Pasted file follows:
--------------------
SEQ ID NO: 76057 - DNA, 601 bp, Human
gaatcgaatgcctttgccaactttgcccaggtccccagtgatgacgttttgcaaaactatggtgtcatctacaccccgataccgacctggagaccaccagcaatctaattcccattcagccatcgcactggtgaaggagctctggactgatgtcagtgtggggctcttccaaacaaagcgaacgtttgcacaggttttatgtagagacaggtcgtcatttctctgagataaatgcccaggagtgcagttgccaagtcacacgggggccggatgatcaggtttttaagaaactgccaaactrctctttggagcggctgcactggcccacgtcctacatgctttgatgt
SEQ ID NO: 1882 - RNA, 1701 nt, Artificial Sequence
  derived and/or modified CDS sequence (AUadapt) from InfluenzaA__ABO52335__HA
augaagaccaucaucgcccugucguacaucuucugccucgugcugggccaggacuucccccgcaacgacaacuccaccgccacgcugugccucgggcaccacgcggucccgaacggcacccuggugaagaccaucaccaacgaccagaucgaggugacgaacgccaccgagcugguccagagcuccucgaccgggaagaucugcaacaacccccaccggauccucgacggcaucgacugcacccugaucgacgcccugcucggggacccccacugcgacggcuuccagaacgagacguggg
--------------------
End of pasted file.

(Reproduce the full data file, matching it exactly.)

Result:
SEQ ID NO: 76057 - DNA, 601 bp, Human
gaatcgaatgcctttgccaactttgcccaggtccccagtgatgacgttttgcaaaactatggtgtcatctacaccccgataccgacctggagaccaccagcaatctaattcccattcagccatcgcactggtgaaggagctctggactgatgtcagtgtggggctcttccaaacaaagcgaacgtttgcacaggttttatgtagagacaggtcgtcatttctctgagataaatgcccaggagtgcagttgccaagtcacacgggggccggatgatcaggtttttaagaaactgccaaactrctctttggagcggctgcactggcccacgtcctacatgctttgatgt
SEQ ID NO: 1882 - RNA, 1701 nt, Artificial Sequence
  derived and/or modified CDS sequence (AUadapt) from InfluenzaA__ABO52335__HA
augaagaccaucaucgcccugucguacaucuucugccucgugcugggccaggacuucccccgcaacgacaacuccaccgccacgcugugccucgggcaccacgcggucccgaacggcacccuggugaagaccaucaccaacgaccagaucgaggugacgaacgccaccgagcugguccagagcuccucgaccgggaagaucugcaacaacccccaccggauccucgacggcaucgacugcacccugaucgacgcccugcucggggacccccacugcgacggcuuccagaacgagacguggg